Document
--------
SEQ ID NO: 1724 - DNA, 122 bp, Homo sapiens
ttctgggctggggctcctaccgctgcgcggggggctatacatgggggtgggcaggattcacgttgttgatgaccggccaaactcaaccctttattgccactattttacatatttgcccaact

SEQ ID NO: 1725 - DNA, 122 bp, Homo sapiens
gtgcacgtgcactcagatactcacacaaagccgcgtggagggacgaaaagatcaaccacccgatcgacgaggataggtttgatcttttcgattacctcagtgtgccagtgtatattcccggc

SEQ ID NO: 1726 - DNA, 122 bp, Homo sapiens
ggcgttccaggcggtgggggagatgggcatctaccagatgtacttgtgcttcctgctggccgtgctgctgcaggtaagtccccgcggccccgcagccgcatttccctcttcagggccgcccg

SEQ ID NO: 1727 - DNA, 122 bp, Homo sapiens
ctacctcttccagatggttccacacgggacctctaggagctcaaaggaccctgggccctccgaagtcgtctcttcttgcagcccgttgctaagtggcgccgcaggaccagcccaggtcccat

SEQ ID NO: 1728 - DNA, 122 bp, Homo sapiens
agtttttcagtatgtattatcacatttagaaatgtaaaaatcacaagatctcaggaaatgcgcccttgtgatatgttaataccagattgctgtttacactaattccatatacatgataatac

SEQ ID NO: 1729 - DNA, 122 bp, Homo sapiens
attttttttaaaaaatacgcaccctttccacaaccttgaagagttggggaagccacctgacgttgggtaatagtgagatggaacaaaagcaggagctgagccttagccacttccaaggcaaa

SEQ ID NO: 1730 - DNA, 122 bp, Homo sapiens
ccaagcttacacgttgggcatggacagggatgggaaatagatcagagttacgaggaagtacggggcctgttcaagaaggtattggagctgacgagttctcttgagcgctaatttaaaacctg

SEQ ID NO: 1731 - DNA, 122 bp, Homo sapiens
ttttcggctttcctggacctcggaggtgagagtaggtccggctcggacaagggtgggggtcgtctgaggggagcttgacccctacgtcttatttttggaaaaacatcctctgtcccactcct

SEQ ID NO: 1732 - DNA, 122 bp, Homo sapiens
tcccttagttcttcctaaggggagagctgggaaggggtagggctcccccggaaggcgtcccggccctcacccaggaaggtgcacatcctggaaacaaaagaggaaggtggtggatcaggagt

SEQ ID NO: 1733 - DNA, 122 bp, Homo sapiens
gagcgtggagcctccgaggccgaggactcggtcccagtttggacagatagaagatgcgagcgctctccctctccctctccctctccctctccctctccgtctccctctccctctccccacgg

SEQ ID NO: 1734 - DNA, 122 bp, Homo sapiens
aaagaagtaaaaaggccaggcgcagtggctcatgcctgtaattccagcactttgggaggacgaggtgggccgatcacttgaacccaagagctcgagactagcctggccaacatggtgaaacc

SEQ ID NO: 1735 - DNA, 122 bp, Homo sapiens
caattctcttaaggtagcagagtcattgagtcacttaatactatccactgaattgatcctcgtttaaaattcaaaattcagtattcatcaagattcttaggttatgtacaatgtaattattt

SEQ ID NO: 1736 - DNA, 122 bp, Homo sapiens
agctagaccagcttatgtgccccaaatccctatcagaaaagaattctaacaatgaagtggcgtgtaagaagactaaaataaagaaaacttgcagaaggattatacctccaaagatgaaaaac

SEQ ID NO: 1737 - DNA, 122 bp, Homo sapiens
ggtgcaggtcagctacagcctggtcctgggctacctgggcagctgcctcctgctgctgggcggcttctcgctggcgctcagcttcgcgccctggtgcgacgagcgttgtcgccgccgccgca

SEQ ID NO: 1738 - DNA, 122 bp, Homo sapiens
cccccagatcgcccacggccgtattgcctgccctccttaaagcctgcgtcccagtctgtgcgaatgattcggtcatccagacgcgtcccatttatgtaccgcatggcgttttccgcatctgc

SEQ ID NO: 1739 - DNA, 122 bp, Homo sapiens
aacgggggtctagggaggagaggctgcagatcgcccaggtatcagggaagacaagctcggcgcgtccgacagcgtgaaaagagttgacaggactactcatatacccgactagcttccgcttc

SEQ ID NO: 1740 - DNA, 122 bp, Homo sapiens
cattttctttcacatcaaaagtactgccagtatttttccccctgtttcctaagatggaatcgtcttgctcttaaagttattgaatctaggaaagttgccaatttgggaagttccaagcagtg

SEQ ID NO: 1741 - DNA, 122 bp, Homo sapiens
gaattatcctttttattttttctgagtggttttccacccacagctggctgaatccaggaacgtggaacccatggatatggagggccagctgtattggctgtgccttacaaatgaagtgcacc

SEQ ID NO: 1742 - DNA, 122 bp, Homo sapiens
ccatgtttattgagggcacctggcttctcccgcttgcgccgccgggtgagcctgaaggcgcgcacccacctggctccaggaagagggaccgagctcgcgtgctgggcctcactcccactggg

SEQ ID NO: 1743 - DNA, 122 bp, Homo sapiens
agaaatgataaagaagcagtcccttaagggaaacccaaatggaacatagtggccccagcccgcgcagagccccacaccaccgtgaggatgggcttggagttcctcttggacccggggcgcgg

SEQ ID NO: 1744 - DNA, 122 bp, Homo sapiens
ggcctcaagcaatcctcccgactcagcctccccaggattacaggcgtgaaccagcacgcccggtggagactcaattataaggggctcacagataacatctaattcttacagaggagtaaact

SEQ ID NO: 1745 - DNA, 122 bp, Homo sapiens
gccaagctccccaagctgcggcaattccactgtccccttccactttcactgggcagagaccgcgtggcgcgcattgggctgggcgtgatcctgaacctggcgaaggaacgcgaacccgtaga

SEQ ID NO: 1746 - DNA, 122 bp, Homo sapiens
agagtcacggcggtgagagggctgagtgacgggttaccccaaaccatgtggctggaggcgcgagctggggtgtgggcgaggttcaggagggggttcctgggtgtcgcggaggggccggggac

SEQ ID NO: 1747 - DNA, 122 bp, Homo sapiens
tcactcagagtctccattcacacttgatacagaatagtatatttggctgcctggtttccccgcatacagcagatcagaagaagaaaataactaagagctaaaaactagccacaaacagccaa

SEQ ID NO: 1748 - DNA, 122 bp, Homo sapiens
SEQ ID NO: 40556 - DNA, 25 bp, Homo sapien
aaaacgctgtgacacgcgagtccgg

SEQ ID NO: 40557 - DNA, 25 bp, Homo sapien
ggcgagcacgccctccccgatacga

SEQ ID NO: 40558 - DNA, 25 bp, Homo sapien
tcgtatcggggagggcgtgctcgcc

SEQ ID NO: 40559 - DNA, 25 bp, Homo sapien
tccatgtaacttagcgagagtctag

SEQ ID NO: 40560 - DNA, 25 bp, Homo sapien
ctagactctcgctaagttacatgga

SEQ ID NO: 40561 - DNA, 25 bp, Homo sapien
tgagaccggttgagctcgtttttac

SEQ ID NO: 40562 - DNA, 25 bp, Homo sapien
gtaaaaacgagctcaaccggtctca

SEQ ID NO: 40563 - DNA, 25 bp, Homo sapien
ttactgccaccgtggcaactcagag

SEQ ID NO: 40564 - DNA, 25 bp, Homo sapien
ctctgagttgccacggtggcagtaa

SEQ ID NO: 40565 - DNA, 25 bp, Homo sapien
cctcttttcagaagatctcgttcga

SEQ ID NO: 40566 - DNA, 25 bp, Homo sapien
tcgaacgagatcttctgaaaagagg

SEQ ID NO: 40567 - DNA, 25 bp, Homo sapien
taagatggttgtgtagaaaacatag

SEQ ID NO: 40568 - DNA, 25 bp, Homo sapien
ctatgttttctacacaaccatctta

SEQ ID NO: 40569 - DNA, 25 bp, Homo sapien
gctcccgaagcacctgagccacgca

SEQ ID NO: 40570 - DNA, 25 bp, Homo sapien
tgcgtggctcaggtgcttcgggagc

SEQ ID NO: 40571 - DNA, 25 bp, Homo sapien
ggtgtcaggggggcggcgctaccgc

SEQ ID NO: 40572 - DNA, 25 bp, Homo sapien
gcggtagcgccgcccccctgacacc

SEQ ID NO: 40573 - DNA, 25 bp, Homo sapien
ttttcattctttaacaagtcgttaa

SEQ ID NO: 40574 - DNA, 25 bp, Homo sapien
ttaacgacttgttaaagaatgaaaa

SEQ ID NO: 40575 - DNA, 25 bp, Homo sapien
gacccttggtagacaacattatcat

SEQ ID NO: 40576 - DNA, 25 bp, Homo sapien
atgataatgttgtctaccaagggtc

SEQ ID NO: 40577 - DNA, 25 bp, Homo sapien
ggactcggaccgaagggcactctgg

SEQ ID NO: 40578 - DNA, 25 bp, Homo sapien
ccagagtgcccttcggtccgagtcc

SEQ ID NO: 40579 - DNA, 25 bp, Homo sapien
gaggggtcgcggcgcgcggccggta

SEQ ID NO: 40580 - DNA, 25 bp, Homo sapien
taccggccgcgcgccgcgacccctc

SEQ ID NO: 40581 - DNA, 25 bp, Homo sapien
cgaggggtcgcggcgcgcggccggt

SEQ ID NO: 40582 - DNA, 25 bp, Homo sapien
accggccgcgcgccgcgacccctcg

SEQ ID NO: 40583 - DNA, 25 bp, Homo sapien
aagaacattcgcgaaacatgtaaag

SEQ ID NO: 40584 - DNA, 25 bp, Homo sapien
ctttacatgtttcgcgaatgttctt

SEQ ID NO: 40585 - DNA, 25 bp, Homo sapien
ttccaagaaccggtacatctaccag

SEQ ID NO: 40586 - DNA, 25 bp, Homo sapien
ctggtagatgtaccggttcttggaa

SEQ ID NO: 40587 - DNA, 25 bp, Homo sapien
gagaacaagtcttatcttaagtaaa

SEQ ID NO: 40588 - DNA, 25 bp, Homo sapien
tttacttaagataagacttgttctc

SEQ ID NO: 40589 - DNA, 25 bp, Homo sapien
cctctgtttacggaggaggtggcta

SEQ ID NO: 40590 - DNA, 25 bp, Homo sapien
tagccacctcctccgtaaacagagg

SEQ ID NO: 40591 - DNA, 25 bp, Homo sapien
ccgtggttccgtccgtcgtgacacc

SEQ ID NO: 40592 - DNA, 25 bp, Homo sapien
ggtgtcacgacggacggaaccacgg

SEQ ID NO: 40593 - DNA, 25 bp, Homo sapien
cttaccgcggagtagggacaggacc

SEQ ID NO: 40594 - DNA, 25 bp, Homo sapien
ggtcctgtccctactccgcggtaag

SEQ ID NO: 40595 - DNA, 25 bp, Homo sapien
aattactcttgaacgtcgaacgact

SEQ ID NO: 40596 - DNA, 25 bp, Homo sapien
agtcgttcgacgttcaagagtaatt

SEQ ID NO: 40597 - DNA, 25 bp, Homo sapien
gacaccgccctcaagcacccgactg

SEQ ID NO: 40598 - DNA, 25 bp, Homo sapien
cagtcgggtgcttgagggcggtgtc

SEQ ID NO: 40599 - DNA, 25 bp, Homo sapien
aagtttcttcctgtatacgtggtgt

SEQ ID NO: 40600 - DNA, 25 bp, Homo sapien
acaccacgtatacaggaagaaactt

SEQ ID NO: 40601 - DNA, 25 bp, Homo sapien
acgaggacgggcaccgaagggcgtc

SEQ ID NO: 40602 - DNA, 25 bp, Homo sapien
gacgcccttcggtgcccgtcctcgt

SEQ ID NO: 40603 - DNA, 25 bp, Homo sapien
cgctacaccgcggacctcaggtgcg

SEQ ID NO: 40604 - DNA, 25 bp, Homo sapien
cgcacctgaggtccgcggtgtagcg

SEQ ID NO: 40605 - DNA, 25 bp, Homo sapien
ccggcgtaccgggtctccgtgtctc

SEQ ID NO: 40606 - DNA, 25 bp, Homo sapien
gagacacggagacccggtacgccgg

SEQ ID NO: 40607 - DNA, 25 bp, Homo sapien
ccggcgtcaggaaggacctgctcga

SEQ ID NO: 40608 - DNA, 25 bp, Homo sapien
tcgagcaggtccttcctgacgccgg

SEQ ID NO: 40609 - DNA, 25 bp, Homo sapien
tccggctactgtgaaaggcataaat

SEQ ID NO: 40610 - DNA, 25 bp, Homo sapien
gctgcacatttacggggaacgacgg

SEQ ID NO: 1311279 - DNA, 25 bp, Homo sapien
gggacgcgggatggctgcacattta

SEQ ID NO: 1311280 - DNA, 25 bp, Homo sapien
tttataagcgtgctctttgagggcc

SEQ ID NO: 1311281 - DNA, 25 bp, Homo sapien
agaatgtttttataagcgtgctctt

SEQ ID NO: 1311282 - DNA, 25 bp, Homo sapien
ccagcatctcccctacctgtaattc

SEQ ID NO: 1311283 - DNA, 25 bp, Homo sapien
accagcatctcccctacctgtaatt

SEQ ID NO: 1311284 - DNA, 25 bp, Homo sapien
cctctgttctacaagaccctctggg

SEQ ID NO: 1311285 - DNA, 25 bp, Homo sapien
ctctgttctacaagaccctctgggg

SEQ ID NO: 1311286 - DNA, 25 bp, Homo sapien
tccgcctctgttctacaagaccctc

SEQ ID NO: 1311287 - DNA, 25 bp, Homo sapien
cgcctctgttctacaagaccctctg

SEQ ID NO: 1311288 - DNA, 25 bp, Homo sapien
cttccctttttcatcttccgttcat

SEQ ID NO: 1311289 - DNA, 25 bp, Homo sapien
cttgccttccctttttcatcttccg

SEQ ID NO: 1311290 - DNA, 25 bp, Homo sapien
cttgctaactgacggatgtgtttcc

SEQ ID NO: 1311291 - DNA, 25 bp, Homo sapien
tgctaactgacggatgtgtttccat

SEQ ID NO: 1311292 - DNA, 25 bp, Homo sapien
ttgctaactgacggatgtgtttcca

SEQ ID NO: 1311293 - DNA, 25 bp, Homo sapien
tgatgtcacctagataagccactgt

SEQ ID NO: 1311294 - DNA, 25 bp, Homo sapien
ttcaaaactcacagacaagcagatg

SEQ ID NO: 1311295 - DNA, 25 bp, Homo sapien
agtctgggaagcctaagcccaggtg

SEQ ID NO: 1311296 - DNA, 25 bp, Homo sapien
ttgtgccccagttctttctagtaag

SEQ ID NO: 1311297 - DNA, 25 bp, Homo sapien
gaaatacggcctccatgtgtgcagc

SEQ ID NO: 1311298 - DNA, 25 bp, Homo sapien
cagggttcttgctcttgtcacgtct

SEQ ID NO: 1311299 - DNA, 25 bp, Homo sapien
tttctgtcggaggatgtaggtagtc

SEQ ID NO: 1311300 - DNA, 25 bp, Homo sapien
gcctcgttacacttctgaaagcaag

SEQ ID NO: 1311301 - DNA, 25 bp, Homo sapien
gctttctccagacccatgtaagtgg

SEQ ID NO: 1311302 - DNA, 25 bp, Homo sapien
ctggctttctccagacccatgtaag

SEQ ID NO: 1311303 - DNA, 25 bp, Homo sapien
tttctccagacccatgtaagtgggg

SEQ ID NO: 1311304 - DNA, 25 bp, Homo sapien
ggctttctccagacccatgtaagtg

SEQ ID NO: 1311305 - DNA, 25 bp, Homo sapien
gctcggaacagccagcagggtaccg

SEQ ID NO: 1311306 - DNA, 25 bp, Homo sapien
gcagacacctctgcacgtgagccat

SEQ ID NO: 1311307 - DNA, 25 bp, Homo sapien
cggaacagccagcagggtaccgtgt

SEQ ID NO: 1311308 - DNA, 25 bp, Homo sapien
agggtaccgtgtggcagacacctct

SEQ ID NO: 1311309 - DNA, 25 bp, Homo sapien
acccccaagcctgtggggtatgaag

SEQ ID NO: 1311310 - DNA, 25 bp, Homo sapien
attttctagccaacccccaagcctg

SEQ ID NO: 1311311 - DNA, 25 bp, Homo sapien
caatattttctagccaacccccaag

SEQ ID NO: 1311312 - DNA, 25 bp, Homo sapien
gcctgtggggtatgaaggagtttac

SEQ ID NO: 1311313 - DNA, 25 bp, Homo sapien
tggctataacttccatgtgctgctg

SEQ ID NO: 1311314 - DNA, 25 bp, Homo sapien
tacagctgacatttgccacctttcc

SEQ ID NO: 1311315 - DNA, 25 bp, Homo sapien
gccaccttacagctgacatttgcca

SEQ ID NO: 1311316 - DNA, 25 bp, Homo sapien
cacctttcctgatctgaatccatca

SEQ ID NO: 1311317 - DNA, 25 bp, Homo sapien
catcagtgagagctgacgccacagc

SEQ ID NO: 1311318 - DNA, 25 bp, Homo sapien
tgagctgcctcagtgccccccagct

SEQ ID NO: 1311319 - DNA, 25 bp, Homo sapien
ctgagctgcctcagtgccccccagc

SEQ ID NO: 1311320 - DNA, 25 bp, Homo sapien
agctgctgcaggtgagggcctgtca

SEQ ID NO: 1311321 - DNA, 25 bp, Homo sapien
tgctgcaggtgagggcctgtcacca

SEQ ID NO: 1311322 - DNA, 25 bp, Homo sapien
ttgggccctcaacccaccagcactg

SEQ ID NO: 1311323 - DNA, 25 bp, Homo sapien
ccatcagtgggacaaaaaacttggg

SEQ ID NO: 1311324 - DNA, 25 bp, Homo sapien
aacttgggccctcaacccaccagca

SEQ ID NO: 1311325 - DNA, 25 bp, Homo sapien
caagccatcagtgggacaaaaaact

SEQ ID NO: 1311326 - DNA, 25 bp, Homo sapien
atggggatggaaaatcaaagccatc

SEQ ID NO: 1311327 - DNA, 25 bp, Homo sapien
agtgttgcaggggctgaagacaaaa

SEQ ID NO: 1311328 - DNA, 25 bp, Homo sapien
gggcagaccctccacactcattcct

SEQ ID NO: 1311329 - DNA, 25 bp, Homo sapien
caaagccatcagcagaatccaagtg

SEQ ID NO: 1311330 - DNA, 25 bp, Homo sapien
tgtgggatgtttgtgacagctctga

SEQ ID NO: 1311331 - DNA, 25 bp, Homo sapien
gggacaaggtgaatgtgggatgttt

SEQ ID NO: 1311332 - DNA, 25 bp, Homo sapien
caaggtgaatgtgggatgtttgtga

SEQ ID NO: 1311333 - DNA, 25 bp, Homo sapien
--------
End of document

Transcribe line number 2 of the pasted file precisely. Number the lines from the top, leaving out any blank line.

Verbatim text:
ttctgggctggggctcctaccgctgcgcggggggctatacatgggggtgggcaggattcacgttgttgatgaccggccaaactcaaccctttattgccactattttacatatttgcccaact